We keep hearing from the drug warriors that the war is going great, with disasters like Colombia, Mexico, and Afghanistan held up as examples of success. Isn’t there some kind of psychiatric term for a complete disconnect from reality?
Danny K has an excellent post over at Transform: Afghan Opium and the Emperor‰s New Clothes about a presentation he attended featuring Antonio Maria Costa Executive Director UNODC and Bill Rammell, Minister of State Foreign and Commonwealth Office (UK).
Their headline was the 20% reduction in opium cultivation which they welcomed (albeit cautiously) as evidence of new found success of their respective interventions in the region. Opium production, by the way is only down 6% (as yields per acre cultivated have risen).
The statistical annex on world drug prices and purity from the World Drug Report 2008, shows precisely how badly they are really doing – even by their own standards. It is now eight years after the Allied troops overthrew the Taleban and effectively took control of the country with one of the key aims being the eradication of the opium crop, and things really aren’t going well given the billions thrown at the sprawling military-led anti-opium enterprise since 2001.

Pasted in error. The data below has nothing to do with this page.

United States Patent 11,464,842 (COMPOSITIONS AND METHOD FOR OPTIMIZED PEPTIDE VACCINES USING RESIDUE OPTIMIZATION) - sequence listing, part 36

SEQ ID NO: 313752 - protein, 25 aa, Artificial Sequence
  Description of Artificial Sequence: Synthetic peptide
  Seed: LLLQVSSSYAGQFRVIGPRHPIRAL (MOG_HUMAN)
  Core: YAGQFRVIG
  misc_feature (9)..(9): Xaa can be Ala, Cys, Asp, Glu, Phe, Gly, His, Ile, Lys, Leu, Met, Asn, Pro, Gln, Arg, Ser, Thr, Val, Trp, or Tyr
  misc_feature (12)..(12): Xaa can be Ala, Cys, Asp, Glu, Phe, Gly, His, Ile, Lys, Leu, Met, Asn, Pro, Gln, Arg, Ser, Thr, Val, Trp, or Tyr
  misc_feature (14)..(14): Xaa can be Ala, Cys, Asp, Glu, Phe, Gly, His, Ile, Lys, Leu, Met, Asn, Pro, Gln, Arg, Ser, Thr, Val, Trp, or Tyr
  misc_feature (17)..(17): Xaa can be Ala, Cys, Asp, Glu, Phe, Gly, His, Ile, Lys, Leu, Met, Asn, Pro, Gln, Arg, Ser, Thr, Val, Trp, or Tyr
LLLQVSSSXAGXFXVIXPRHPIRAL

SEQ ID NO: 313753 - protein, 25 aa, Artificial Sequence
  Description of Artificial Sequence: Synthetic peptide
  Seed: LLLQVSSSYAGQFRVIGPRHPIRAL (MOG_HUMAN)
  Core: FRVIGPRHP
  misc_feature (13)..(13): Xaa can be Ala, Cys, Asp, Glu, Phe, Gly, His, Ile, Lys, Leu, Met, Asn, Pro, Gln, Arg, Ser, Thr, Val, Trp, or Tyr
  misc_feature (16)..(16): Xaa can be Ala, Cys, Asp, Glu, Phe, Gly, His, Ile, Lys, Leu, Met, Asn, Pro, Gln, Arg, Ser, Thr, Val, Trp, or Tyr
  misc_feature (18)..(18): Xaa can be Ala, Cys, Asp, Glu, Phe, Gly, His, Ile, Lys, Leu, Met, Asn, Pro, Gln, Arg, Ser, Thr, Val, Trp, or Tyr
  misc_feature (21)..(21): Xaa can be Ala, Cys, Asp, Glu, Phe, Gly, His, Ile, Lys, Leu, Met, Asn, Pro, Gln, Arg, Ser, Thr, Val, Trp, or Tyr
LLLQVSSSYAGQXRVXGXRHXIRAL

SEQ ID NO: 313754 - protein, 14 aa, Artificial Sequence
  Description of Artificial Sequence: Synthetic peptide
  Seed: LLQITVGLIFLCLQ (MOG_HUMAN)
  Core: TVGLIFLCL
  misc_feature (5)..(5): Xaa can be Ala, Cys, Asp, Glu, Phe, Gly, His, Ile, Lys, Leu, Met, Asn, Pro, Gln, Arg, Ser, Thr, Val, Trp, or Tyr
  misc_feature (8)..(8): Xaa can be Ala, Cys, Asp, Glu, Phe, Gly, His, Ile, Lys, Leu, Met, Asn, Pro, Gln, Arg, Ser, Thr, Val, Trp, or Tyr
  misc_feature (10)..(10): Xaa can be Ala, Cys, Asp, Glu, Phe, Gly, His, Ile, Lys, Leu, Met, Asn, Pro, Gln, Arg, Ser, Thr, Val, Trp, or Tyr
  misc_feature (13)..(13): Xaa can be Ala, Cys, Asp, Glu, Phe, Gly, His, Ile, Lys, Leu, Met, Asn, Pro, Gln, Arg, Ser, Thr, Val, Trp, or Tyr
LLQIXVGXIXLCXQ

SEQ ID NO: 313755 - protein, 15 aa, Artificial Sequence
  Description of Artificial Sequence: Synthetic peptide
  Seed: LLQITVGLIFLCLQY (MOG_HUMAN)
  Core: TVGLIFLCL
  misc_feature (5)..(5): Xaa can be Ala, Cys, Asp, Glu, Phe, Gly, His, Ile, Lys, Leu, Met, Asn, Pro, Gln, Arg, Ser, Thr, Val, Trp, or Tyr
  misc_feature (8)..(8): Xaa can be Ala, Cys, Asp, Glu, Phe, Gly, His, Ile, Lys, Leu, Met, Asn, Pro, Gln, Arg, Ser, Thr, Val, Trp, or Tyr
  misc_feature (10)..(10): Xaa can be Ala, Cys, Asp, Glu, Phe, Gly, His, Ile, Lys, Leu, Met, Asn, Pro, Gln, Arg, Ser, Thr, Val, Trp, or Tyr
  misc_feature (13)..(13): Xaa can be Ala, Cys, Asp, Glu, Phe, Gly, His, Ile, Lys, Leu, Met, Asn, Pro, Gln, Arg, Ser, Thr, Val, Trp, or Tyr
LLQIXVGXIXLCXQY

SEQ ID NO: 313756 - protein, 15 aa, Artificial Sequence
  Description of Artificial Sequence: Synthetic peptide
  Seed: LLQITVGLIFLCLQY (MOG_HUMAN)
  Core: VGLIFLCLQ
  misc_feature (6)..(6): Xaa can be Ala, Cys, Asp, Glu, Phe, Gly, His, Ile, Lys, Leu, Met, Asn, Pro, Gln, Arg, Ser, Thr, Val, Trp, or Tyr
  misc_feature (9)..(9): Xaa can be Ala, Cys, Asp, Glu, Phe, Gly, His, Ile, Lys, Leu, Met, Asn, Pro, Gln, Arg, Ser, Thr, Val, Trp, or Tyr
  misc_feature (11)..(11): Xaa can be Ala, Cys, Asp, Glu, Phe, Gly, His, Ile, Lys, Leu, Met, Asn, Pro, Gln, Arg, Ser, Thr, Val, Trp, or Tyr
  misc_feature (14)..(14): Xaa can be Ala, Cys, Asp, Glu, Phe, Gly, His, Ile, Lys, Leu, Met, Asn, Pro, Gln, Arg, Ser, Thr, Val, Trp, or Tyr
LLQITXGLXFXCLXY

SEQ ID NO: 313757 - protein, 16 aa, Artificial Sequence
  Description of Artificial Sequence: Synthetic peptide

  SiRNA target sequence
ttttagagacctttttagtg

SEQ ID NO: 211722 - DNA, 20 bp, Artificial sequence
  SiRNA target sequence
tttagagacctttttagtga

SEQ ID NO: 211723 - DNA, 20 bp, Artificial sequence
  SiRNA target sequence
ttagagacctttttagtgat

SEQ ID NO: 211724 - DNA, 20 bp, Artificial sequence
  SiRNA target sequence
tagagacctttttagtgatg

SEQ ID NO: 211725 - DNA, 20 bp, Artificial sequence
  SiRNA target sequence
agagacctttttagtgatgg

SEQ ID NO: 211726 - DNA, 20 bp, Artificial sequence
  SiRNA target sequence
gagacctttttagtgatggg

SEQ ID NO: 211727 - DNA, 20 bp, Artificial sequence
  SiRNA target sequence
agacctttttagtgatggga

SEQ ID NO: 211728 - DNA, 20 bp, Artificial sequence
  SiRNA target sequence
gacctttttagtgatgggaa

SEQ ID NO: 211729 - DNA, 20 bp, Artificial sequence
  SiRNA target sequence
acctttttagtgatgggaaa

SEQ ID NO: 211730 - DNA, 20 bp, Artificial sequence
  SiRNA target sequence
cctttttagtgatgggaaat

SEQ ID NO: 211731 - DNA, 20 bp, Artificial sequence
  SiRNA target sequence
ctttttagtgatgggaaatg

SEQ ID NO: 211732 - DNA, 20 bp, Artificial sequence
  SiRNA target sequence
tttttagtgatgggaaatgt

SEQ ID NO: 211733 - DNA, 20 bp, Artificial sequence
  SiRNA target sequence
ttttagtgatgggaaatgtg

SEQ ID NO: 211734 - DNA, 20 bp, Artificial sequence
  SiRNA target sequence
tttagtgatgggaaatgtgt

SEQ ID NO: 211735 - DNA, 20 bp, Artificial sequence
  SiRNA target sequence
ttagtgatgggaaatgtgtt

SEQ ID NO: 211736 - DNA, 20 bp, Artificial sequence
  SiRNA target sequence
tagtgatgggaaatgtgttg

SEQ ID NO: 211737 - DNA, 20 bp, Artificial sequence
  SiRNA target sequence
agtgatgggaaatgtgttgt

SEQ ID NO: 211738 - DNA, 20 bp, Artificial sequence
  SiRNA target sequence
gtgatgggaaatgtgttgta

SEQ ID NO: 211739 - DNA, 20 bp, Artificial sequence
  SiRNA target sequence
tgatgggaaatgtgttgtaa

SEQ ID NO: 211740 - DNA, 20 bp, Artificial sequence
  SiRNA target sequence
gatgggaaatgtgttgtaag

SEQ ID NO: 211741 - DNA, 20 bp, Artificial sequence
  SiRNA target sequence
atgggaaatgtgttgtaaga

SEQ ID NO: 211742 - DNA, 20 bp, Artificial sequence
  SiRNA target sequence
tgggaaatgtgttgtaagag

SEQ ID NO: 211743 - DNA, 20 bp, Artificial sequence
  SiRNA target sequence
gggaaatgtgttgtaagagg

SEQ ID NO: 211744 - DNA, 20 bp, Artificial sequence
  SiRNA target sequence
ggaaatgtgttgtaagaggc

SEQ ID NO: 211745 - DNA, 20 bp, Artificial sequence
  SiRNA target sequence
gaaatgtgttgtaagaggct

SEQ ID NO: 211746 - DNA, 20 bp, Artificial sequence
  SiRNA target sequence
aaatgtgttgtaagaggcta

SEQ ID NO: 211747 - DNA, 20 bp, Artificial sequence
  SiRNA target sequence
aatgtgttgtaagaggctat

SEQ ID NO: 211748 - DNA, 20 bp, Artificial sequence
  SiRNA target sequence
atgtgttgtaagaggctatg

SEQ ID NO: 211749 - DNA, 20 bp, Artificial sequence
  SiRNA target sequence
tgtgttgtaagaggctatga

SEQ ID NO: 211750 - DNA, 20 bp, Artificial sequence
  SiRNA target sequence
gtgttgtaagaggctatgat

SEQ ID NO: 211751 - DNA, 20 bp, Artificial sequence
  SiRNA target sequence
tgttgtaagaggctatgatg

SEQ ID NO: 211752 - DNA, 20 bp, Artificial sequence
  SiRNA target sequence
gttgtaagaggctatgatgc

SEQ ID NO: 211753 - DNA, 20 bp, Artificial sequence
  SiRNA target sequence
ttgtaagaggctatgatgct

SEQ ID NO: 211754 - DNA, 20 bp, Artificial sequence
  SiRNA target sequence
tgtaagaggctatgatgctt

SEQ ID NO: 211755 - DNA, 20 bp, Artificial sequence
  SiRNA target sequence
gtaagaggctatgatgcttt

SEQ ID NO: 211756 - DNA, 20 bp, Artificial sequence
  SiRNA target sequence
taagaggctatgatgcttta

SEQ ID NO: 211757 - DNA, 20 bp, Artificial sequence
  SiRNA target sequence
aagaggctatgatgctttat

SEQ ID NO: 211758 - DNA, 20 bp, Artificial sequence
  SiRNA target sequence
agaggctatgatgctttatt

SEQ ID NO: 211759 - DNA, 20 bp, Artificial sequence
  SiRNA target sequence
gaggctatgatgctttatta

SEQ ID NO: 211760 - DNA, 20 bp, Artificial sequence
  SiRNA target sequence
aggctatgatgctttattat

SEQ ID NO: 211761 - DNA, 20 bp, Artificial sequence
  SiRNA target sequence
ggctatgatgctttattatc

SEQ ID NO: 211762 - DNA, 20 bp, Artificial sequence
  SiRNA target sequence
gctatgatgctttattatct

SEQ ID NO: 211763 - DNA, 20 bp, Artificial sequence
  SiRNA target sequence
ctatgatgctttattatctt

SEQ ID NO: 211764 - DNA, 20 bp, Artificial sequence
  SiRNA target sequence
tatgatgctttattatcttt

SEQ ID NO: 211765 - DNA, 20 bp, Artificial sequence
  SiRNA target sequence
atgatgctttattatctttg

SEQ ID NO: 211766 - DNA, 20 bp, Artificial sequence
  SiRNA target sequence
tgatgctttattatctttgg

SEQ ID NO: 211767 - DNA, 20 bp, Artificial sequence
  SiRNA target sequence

That’s right, in our success, we’ve managed to increase opium production to more than twice the pre-2001 levels. We’ve done so well that the opium supply in Afghanistan is now significantly higher than world-wide demand, and large quantities are being stockpiled to keep the price from dropping.
Danny and Steve at Transform tried to pin Rammell and Costa down in the questioning, but the drug war cheerleaders failed to actually answer the questions (of course).
The whole post is really worth reading, but I want to highlight another passage from Danny that resonates (It continually bothers me how little attention is paid to basic economic laws).
Prohibition is what makes an intrinsically low value commodity like opium more profitable than any other agricultural option for Afghanistan’s mostly impoverished farmers. It is economic alchemy, whereby plants are transmuted into commodities worth literally more than their weight in gold. Even if supply side interdiction was more effective (and you try and eradicate 1500+ square kilometers of poppy fields scattered over an area the size of Western Europe, every year, forever) the effect would be be to push up the price, that in turn inevitably incentivises new entrants to the market, and new cultivation. It is an economist’s dream; the completely unregulated interplay of supply and demand, and whilst the demand driven economic imperative exists (and there’s no sign of significant change on that front) the best that can be achieved is temporary, marginal and localised supply side ‘success’. The problem may move around a bit – but it doesn’t go away.